Russ Pitts returns to the podcast to talk about life after Polygon, life in freelance journalism, as well as the process behind and effort required to complete his upcoming book ‘The Making of Defense Grid 2: The Complete Story Behind the Game’. We also discuss the growth of Take This, the formation of a 501 (c) (3) non-profit charity, and the future impact Take This looks to have in the world. Enjoy.
The ever-infallible Wikipedia defines Stockholm syndrome as “a psychological phenomenon in which hostages express empathy and sympathy and have positive feelings toward their captors, sometimes to the point of defending and identifying with them.” When I read this submission, this was the first thing that came to mind. I know this secret isn’t exactly the same as the situation described in classic Stockholm scenarios, but there’s enough similarity to merit some kind of conversation around this.
Add this to the list of things they don’t tell you at diagnosis. With all of the time and energy spent focusing on and managing this disease, to suddenly have that taken away, that away would feel…I don’t know how that would feel. I’m sure I would feel relieved. I’m sure I would be incredibly grateful. I’m sure life would go on. But despite my efforts to not let diabetes define who I am, it is an integral part of me.
I’m not a psychologist, but I know enough smart people to pass this along to: is there a medical term for this kind of association with a condition, disease, or mentality? Diabetes isn’t necessarily a ‘hostage taker’ or a ‘captor’, even if it can feel like it at times, but can you really have the kind of emotional breakdown associated with Stockholm syndrome and a person (or persons) with an inanimate ‘captor’ like a chronic disease?
As shared on My Diabetes Secret.
Add this to the list of things they don’t tell you at diagnosis. Proper diabetes management is so much more than counting carbs and regularly checking your blood glucose levels.
The fun part, however, is even if they told me all the extra stuff I’ve learned in the past twelve years, I wouldn’t have retained any of it. My biggest worry as I sat in that hospital bed was how will I eat a peanut butter and jelly sandwich?
The Storification of tweets continues as I recap Day 2 of Stanford Medicine X. After the rush of hosting the opening panel the day before, I figured the rest of the weekend would be a walk in the park. Here are some of the stand-out moments from the day, as told by my ability to be clever in the span of 140 characters.
(And you should too)
We still have a ways to go before being the “token patient” at a conference is a thing of the past.
That, right there, is my most important tweet of the day. Maybe even the entire conference.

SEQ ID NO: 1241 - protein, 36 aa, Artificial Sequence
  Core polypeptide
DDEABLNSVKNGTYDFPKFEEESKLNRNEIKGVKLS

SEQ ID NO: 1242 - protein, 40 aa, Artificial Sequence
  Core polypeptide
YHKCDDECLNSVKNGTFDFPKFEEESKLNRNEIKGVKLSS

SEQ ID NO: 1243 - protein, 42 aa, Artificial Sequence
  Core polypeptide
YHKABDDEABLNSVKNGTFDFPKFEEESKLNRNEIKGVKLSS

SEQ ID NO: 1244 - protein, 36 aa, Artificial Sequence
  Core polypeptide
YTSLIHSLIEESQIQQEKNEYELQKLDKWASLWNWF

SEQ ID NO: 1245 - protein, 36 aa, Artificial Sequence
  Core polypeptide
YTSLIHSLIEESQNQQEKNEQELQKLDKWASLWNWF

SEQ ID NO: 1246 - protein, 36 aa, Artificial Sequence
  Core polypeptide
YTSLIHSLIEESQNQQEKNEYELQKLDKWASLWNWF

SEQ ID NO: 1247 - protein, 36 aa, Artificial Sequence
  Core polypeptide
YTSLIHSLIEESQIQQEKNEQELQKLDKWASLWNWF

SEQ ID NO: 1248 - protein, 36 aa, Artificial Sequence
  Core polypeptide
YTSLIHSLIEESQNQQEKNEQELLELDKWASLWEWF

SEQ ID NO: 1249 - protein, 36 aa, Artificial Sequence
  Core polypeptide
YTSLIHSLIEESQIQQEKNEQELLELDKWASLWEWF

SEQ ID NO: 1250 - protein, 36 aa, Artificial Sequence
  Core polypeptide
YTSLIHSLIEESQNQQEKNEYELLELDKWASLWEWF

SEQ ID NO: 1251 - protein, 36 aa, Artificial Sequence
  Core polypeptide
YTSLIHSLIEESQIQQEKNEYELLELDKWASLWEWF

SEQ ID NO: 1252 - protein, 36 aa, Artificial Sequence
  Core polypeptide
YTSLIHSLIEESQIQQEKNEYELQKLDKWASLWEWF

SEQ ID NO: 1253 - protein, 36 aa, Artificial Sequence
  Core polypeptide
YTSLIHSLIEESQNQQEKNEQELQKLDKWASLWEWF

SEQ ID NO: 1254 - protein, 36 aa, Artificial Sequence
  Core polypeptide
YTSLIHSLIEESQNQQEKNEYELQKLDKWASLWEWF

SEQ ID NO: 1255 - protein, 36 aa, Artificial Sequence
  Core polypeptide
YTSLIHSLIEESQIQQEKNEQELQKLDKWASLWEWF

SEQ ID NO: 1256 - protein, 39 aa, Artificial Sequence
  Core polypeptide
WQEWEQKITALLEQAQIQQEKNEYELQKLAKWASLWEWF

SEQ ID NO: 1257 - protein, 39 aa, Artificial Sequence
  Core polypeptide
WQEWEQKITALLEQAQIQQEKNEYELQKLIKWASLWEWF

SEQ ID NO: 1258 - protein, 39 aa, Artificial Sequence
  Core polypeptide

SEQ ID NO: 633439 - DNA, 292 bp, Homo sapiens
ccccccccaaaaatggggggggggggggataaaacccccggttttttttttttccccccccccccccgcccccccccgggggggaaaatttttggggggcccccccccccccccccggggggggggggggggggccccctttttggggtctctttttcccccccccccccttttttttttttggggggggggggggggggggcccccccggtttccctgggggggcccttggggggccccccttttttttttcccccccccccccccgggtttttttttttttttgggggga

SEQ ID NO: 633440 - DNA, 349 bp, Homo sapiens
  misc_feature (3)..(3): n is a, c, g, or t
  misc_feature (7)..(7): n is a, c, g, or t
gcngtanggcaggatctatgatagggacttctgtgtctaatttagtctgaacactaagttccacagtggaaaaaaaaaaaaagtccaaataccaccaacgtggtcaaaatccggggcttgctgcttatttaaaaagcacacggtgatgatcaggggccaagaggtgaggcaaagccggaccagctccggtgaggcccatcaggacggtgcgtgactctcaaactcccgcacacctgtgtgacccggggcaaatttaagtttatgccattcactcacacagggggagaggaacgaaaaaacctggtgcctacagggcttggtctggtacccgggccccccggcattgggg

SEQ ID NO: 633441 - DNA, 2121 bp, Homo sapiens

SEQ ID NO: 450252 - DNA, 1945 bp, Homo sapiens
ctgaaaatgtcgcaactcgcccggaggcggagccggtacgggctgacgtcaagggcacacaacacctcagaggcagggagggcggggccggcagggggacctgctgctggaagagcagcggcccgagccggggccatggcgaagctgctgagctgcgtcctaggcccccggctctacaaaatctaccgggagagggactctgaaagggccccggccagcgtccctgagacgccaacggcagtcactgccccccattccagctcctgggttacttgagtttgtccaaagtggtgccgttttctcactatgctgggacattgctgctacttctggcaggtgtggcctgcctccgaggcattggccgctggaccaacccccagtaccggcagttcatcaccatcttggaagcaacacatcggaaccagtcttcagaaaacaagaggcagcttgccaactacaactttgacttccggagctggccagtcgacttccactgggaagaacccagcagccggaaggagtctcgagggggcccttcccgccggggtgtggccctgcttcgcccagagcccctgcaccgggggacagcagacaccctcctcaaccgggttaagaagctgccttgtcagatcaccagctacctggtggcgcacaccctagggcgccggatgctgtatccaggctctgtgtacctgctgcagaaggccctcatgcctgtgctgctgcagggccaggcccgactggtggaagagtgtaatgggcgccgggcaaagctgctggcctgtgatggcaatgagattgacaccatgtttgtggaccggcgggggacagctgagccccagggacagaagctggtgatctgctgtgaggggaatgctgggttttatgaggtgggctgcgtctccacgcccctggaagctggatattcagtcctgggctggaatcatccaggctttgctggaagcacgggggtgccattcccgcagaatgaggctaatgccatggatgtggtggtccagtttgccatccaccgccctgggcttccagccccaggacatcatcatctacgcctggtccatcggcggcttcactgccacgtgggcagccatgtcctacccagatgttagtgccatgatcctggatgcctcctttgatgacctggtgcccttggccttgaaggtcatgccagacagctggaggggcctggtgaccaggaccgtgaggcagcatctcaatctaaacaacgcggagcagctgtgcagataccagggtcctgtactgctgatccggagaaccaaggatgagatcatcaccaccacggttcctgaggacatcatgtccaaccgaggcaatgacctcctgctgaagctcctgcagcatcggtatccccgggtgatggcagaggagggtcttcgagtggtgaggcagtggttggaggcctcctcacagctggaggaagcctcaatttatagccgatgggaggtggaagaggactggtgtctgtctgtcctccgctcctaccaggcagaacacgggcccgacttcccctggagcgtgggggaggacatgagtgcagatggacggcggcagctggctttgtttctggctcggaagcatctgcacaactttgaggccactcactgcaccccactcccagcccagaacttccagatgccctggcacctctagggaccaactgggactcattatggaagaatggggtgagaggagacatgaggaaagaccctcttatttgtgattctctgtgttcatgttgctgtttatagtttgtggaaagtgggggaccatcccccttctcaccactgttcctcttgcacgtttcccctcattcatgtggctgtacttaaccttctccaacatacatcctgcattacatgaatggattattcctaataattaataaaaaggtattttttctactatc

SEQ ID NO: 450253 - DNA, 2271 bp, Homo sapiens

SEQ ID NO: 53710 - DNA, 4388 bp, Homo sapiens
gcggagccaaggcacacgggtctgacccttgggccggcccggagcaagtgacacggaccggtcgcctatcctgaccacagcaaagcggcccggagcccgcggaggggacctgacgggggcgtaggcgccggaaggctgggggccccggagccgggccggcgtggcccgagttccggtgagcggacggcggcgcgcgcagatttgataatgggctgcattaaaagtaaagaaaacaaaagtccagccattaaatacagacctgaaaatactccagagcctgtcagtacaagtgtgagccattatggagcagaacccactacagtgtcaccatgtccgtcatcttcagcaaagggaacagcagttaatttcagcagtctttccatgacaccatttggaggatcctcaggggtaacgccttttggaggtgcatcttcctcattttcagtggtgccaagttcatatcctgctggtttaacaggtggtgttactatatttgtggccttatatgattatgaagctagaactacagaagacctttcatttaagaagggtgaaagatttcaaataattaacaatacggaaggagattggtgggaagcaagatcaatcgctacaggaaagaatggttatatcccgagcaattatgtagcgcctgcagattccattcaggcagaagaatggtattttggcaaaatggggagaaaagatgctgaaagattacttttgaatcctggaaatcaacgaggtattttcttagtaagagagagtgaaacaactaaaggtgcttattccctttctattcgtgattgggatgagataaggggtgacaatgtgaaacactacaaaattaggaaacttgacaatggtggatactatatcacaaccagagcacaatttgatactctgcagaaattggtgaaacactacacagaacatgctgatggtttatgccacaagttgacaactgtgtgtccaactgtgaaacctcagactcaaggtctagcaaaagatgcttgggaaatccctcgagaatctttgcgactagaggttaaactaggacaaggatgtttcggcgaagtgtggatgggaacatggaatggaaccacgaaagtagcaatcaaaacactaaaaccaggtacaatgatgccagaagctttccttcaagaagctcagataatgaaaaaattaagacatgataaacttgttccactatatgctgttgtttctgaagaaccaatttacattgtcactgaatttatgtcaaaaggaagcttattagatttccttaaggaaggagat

Diabetes is as mental as it is physical. A double whammy.
This was shared today on My Diabetes Secret. Considering how little time it’s had to gain traction among the diabetes community on Tumblr, it’s received a lot of notes (likes and reblogs) in very little time. I’m not sure if Tumblr will ever be seen as an official validation for anything within the diabetes online community, but it’s clear that more than just the anonymous person who submitted this secret agrees with the sentiment.
Hopefully you watched the “We Can Do This” video featuring people living with diabetes and celiac. As powerful as individual stories are, I think there’s something particularly meaningful from a group effort supporting a single narrative (such as “if we can do this, you can do this”). To that end, here’s another entry in the We Can Do This series. This time we’re talking about diabetes and mental health.
Depression is one of the big issues that people (we) are either afraid to talk about, or choose to ignore until it’s too late. I know that there are plenty of resources out there for people struggling with their diabetes and mental health, but rather than pretend to understand what depression and diabetes can feel like first-hand, I think it’s best to let the video speak for itself rather than speak out of turn.
If you would like to contribute to the You Can Do This Project with a guest post discussion how your life with diabetes impacts your mental health, sharing your story could mean the world to someone else who is dealing with the exact same situation.
You know what I haven’t done in almost a week?
Posted a submission on My Diabetes Secret.
It’s not that the blog isn’t active – there have been plenty of likes, reblogs, and new followers over the past few days. But the submissions have stopped for the moment. If I must be honest (and why wouldn’t I on my own blog?) it’s a welcome break. While I appreciate what My Diabetes Secret has been able to bring to the diabetes community, and while I believe that blog serves a meaningful and worthwhile purpose, it can be a bit much at times.